INTRODUCING a smoking ban on Brighton and Hove’s beaches would destroy the city’s “liberal bohemian image” campaigners warn.

Pro-smoking group Forest spoke out as a city council consultation on proposals to bring in a voluntary ban on beaches and in parks came to an end.

The council received about 1,500 responses to the 12 week consultation and will now begin analysing the findings.

The aim of the proposed ban, which would be voluntary, is to try to create an environment free from second hand smoke, which is particularly dangerous for children.

Youngsters are at higher risk of respiratory infections, asthma, bacterial meningitis and cot death.

A voluntary smoking ban already exists in children’s playgrounds in the city and the proposed consultation was held to gauge whether there is wider public support for extending the smoke free areas.

Smoking is still one of the city’s leading causes of premature death.

Brighton and Hove director of public health, Tom Scanlon, has said tobacco smoke typically contains more than 170 toxins including carcinogens and air pollutants.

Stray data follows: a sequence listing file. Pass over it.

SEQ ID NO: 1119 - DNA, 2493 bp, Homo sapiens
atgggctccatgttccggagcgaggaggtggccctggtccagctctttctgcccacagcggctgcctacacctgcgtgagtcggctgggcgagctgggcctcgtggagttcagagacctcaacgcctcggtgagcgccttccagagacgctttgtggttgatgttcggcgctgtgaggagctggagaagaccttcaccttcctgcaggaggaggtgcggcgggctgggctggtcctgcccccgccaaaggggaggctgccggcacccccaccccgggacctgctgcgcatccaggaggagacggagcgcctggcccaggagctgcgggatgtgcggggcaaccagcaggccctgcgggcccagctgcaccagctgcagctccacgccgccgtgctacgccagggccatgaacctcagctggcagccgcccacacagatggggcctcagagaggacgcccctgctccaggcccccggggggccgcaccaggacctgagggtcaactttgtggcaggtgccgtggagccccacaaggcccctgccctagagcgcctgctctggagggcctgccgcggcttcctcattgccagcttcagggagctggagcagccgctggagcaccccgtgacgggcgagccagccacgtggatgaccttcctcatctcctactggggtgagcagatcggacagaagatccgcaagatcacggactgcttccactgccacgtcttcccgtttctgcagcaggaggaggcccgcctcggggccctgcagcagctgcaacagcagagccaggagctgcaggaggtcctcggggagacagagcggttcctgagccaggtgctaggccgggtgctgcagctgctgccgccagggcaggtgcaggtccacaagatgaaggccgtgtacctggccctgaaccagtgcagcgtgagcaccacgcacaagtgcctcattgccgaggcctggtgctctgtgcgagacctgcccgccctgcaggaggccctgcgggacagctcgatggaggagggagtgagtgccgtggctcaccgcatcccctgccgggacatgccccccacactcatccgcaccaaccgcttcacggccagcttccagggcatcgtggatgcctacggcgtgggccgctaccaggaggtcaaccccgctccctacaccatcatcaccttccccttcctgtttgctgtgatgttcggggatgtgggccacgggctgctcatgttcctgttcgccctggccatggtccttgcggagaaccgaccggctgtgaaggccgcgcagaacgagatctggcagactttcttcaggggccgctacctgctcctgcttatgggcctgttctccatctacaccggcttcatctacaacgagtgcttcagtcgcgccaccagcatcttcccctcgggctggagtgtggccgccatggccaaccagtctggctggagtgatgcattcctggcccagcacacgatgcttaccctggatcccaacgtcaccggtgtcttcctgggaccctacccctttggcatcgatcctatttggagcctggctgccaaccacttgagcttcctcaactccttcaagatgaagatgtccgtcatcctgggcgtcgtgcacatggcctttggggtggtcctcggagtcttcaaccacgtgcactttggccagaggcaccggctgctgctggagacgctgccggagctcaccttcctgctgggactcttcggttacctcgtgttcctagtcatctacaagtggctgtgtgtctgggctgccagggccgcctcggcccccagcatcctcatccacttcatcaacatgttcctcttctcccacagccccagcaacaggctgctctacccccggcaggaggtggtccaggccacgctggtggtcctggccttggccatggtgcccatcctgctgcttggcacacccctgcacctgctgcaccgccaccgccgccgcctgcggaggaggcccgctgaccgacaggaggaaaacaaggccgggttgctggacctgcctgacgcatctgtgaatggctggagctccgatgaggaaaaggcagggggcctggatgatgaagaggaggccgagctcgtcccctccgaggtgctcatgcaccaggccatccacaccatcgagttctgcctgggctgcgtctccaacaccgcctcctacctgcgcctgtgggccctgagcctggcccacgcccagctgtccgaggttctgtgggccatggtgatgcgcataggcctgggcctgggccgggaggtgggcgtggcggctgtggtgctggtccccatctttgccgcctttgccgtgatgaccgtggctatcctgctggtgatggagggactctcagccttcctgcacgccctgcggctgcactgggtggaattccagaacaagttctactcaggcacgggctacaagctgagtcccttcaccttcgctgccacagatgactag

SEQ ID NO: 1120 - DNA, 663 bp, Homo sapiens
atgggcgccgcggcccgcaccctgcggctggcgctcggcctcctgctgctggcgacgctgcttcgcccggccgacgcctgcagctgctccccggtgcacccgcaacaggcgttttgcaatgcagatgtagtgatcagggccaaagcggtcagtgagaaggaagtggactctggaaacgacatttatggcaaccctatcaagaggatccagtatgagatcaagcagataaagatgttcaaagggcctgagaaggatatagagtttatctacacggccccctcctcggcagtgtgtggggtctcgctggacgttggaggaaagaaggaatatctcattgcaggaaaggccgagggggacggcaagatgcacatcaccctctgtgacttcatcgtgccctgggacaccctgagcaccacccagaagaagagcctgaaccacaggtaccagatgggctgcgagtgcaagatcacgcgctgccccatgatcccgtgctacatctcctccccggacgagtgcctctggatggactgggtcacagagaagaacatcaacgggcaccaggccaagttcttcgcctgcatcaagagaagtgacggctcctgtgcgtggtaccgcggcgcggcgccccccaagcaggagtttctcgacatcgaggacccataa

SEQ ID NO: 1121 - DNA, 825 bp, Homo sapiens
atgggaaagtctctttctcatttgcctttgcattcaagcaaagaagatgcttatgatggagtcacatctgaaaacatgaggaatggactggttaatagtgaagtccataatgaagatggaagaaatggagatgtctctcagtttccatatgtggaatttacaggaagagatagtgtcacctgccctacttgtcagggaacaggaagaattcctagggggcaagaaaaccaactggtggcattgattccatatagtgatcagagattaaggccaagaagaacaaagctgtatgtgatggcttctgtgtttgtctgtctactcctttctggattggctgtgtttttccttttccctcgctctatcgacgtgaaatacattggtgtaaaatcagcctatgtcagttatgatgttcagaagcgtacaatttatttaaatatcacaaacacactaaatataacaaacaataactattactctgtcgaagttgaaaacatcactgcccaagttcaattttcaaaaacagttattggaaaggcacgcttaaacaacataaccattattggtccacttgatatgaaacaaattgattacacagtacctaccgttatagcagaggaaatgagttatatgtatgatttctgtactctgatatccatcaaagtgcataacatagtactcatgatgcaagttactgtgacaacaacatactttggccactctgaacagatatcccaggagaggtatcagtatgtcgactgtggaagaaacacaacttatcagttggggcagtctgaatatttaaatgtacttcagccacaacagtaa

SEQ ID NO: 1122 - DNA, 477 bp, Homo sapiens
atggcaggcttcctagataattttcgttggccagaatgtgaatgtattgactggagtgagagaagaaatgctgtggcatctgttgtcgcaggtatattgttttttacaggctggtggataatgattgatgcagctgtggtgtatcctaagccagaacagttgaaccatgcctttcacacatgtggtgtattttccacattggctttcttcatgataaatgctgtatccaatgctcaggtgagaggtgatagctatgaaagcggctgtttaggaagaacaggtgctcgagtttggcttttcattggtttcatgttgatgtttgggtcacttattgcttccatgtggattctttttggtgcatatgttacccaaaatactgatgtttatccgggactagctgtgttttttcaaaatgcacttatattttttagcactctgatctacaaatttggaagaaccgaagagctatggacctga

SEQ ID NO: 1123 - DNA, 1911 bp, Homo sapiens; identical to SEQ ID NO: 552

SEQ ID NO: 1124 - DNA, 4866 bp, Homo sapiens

He said outdoor tobacco smoke dissipates more quickly than indoor smoke but in certain concentrations and weather conditions it still poses an additional health risk to non-smokers.

In its response to the consultation, Forest said there was no evidence that smoking outside is a health risk to anyone other than the smoker and the inconvenience to non-smokers is minimal.

It said: “Not everyone visits the city for the candy floss and the ‘Kiss Me Quick’ hats.

“Many of us visit Brighton, or used to, because we enjoyed the feeling that here was a city that embraced a diverse range of lifestyles and didn’t judge people.

“Ban smoking in outdoor public spaces and Brighton will destroy any lingering link it has to its proud bohemian tradition.

“Instead it will be seen as one of the most puritanical cities in the UK.”

Forest director Simon Clark said: "Smokers don’t need to be told how to behave around other people.

“The overwhelming majority of smokers know it can be annoying to some non-smokers if they smoke in their immediate presence.”

A report on the consultation is expected to be discussed at the council’s health and wellbeing board in February.